Here. Have some gratuitous pictures of Florence.

Let’s Go To The Movies – But Ditch the Popcorn

Have you heard about Amazon Instant Video?

You can rent movies for like 3 bucks and watch it on your computer. It is one of the coolest and most useful things for a college student without a Blockbuster membership ever.

Seriously, I watched 2 movies in 4 days. Don’t look at me like that, one was for a class.

Image link

The Secret of the Grain is a French film (love me some subtitles!) about a Moroccan family who lives in southern France. I designed my own honors course – because I can – on the role of food in the lives of Mediterranean women in the 20th century. I’ve been focusing on a fantastic text that focuses on food in Florence (of course), but the professor who is advising this project recommended I watch this. Amazon Instant Video to the rescue!!!! I loved this movie. Mostly because it brought food into the spotlight, but the way in which the director did it was very well done. If you can handle subtitles (and a little nudity – it is French, after all), I recommend it.

But the real exciting discovery on Amazon was…

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I’ve wanted to see Food, Inc. since it came out in 2008, but I generally fail at renting movies and just hadn’t gotten to it. (No, really – I even keep a running “movies-to-see” list on my computer. It only ever gets longer.) And then Amazon decided to fix it for me, for which I am very grateful.

Food, Inc. is a documentary exposing the crooked, creepy inside of the American corporate food system. It had quite an effect on viewers – one woman quit going to grocery stores for a year, and I’ve hear several people go vegan because of it. It features interviews with people from all over the food industry spectrum – although it was sure to note that representatives of the big companies that were not being shown in a particularly, er, flattering light declined to be interviewed for the film. Shocker.

I will say that, because of my inherent nerdiness and the Food & Culture class I took last spring in Florence, I knew a lot of the info that the movie put forward. And the parts that I didn’t know did not shock me because of my prior knowledge. (You should have seen me when we read articles about the food industry last spring though – I was angry. And NOT hungry.)

I do think that this is an important movie to watch as an American, a consumer, and a human being who is semi-aware of “rights” and “wrongs.” The corporate food industry is – for lack of a better word – disgusting. The corruption and greed overwhelms any remotely redeeming factor they might be able to boast.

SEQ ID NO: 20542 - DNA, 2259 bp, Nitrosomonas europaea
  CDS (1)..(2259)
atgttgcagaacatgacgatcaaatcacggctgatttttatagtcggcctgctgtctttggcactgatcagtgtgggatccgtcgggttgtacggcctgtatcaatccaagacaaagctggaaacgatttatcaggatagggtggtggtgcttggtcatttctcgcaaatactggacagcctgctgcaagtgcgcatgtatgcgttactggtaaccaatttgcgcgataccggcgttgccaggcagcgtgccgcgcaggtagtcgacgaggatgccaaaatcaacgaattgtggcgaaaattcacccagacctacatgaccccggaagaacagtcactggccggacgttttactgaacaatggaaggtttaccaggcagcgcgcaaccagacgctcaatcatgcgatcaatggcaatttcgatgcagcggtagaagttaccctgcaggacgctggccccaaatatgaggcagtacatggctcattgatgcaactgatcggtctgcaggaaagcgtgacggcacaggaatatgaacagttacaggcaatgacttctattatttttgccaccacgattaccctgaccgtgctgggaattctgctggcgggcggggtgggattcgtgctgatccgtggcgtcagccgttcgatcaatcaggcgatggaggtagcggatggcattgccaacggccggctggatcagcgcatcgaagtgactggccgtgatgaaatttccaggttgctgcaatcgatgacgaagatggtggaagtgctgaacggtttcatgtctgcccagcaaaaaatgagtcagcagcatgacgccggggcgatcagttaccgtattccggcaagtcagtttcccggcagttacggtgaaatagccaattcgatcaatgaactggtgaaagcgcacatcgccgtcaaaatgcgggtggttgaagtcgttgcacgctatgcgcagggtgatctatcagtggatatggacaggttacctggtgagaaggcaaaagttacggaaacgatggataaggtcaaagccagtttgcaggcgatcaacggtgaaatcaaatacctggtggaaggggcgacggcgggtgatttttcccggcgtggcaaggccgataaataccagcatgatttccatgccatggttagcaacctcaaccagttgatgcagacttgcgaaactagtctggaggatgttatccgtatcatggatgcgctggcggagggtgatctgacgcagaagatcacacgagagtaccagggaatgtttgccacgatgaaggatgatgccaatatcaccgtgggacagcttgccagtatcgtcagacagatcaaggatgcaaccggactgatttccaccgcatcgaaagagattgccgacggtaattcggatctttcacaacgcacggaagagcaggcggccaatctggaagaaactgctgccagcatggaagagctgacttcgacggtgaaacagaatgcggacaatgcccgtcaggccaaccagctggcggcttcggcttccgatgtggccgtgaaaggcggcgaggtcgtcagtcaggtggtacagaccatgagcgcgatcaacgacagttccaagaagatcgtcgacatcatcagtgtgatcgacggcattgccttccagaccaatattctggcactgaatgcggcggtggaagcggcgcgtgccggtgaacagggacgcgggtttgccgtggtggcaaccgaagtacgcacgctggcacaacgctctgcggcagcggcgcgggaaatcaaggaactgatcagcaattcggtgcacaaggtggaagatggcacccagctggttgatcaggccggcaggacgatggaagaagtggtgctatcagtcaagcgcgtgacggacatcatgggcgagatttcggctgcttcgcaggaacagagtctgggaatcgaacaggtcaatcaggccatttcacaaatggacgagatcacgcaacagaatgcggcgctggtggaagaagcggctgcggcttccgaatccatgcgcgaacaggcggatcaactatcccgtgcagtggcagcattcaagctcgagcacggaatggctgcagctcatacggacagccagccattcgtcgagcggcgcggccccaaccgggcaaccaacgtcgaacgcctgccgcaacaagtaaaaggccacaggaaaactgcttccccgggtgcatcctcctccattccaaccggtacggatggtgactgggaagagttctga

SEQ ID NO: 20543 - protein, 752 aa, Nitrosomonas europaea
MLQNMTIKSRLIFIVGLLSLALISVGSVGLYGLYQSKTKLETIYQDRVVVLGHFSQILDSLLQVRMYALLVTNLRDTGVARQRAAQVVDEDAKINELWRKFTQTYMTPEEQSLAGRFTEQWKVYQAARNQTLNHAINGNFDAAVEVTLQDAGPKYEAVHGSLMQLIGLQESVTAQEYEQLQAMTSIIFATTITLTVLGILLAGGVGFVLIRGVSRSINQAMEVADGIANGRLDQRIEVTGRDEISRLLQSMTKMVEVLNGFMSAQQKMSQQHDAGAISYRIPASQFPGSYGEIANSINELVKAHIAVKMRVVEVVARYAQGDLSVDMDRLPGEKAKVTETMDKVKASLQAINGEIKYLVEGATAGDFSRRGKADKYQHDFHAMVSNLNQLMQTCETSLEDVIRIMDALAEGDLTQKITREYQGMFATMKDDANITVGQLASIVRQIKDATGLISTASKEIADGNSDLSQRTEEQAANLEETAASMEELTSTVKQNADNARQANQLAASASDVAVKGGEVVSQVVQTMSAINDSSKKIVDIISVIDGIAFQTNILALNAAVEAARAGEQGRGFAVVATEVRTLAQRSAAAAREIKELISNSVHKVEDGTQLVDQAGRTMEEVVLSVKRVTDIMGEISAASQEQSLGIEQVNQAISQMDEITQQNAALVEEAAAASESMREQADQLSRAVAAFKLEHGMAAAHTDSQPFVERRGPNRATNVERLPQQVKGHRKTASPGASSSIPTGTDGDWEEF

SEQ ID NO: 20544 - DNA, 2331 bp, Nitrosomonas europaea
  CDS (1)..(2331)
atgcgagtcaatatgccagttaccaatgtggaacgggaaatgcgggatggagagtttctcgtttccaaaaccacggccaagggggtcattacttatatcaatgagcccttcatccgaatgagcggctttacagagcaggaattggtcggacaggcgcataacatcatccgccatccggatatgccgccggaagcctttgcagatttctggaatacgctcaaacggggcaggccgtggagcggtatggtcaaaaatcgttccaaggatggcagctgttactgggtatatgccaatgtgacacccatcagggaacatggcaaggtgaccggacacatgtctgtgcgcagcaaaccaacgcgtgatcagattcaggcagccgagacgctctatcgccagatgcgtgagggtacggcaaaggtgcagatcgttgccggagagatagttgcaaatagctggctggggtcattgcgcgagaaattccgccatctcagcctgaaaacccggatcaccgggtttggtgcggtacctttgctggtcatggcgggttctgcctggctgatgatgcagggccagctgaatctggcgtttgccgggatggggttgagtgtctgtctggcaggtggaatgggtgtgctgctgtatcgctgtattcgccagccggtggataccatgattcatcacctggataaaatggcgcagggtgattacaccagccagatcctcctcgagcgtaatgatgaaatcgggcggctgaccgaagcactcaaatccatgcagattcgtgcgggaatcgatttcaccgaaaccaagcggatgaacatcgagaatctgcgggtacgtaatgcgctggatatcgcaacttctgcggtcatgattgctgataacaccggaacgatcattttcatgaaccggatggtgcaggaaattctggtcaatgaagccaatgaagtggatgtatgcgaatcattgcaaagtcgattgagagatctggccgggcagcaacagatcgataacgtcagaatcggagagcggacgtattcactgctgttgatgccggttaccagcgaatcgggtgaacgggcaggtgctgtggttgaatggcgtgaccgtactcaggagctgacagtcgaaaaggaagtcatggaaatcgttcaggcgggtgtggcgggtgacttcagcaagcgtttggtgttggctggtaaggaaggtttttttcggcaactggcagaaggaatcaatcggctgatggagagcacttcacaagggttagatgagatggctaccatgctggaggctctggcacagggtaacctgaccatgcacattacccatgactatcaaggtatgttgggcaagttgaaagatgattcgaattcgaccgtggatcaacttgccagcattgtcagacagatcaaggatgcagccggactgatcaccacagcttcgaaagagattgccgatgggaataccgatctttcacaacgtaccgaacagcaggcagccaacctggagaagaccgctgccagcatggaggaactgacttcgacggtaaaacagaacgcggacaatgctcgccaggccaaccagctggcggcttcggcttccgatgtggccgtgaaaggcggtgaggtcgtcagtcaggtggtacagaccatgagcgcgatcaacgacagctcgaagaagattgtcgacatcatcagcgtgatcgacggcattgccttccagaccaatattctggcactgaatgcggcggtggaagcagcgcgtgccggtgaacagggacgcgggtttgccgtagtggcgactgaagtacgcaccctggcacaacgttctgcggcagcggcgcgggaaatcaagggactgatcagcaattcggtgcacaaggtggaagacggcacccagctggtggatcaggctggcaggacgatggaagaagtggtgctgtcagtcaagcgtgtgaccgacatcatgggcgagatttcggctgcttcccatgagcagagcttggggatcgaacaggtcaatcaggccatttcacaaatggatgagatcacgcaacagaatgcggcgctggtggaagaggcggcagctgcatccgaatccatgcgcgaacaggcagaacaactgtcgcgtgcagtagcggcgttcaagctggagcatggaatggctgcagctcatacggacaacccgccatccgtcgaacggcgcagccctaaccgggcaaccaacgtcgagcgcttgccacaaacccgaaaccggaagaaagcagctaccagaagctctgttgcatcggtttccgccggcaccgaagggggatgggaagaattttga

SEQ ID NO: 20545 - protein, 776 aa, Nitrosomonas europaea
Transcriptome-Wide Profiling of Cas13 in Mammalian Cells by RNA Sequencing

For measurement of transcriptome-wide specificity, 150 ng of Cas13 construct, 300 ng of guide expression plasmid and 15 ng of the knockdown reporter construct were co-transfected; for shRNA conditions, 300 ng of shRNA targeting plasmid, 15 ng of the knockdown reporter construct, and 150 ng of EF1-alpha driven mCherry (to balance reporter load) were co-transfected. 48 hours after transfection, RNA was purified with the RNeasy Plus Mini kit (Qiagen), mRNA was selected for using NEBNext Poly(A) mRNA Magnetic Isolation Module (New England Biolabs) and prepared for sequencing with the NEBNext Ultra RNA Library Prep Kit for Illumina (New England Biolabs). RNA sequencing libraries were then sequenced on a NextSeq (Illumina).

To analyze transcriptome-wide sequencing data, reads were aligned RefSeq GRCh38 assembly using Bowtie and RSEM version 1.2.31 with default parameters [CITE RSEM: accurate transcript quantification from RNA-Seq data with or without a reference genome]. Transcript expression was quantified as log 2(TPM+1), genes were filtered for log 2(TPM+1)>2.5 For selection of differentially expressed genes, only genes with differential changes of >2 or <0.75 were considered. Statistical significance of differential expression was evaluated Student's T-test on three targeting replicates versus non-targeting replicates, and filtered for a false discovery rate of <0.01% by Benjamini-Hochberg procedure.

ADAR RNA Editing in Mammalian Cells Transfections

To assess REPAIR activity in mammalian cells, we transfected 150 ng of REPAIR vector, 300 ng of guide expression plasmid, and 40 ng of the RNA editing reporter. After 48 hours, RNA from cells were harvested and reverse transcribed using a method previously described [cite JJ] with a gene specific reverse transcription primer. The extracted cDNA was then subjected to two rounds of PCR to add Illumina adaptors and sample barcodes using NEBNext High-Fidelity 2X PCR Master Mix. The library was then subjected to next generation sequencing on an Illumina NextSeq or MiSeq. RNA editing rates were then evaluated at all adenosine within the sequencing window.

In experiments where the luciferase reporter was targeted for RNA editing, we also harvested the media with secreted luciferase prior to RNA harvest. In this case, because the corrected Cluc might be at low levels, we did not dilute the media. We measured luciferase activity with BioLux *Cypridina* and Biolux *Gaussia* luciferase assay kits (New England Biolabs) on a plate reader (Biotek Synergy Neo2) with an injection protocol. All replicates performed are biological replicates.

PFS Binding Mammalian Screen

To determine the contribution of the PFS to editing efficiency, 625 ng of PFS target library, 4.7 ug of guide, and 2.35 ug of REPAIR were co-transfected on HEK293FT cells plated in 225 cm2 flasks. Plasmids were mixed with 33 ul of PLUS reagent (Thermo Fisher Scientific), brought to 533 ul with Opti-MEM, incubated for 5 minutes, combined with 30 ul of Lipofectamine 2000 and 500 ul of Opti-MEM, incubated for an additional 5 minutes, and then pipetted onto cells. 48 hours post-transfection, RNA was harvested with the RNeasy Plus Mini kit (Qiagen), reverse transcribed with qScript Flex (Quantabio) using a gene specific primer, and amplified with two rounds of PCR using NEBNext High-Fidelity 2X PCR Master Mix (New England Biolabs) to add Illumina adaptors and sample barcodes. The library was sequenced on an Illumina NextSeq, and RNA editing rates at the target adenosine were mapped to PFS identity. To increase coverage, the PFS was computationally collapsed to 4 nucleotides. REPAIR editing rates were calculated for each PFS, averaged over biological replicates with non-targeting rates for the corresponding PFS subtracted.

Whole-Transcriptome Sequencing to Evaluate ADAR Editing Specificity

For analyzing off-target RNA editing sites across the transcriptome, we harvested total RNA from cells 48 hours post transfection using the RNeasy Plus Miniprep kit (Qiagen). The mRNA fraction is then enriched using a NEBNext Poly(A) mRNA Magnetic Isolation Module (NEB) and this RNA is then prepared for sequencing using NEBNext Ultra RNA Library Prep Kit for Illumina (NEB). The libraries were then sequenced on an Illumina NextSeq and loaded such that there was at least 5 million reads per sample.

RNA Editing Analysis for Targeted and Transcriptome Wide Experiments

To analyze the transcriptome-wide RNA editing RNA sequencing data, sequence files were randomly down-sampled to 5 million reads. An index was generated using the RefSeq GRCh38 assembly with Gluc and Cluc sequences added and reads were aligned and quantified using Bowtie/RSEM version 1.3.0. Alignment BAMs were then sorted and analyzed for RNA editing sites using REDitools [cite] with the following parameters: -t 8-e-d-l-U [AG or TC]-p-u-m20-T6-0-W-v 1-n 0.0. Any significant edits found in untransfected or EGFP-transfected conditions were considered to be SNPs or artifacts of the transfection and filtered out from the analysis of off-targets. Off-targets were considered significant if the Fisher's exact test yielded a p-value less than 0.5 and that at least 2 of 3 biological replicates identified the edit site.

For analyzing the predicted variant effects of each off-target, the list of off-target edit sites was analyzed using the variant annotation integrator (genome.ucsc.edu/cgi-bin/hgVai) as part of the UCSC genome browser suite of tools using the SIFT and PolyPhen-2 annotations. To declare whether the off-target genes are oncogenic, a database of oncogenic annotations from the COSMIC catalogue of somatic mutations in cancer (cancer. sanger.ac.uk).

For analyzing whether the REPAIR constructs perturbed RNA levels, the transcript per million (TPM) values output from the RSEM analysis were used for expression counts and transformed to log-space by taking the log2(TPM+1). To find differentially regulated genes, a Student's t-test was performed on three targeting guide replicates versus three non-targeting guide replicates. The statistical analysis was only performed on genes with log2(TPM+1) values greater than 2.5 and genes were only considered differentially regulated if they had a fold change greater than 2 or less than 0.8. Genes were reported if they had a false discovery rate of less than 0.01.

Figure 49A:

I don’t think the film is nearly as gruesome as it could have been, which is good and bad; but I think that makes it more viewable to more people, and that is what’s important here. There were some things that I felt should have been included with more detail (like what exactly is so bad about GMOs and the corruption behind “organic”), but I also applaud what they manage to cover in an hour and a half of film.

For me, the film was inspiring, validating – but frustrating. I hate how tightly money is wrapped around this issue, but I suppose that is the way of the world. The dollar is your ballot and your loudest protester. But I won’t lie, when I am at the grocery store and I am forced to choose between the generic brand eggs for $1.50 and the organic, cage-free dozen for $3, it’s not an easy decision. And more than once, I’ve let the cheap side win.

Food Inc. has strengthened my resolve – and my conscience – and if money is how I have to assert my beliefs, then so be it. It may mean that I buy less, but all the more room for “real food” which can actually be quite cheap.

I’ll end what could very easily turn into a too-long ramble about my food philosophy with a list. I love lists, don’t you?

1. Watch Food, Inc. The knowledge it imparts is worth sticking through the not-so-savory parts. I promise.

2. Buy local first, organic second if & when you can. Vote with your dollar.

3. Our food industry is eff-ed up something bad. No time like the present to start trying to fix it.

Oh, and Eat Real Food. More on that tomorrow. For now, just go with me 😉

My roommate and I hopped online after the movie and found some pretty sweet resources. The Cornucopia Institute is an organization that aims for “economic justice for the family-scale farming community” – basically, they advocate local-organic-whole food. Sounds good to me!

The best thing about their research is that they have created “scorecards” that rate various brands of eggs, dairy, and soy products based on 22 criteria. The focus is on ethicallyproduced products. I’ve already marked down what eggs to look for next time I need them!

Egg Scorecard

Dairy Scorecard

Soy Scorecard

Have fun and eat ethically 🙂

A Different Kind of Challenge

What? Another challenge?? But it’s not Wednesday!
I know. I am referring to the Real Food Challenge, a conference being held just 20 minutes away from me in Stoughton, MA! It’s the Northeast Summer Leadership Training for for college students. I’m going to learn all about corporate food policy, food justice, and all that good stuff – and hopefully make some changes on my own lovely campus. My head exploded with excitement when my new friend Nicole told me about this when we met in Austin – I have been whining nonstop for the past 3 years about the food on my campus and how frustrated I am with it. I really don’t feel like it is supportive for anyone with food allergies or preferences like vegetarian/vegans, and even just trying to promote healthy eating overall. More often than not, the salad bar is only half full – but the dessert table is loaded. They veg options for protein are often seriously lacking as well, and I have often felt like screaming “iceberg lettuce is NOT a protein!!!!” And the local/seasonal food issue is no different. We have canteloupe & honeydew melon year round – don’t try to tell me we picked those up from the farm down the road in mid-January. My problem was, I honestly have no idea where to begin trying to make changes, and that is where this training comes in. I’m crazyyyy excited to learn more about food policy and how I can help make changes for the better. And Lulu the camera is comin’ with, of course.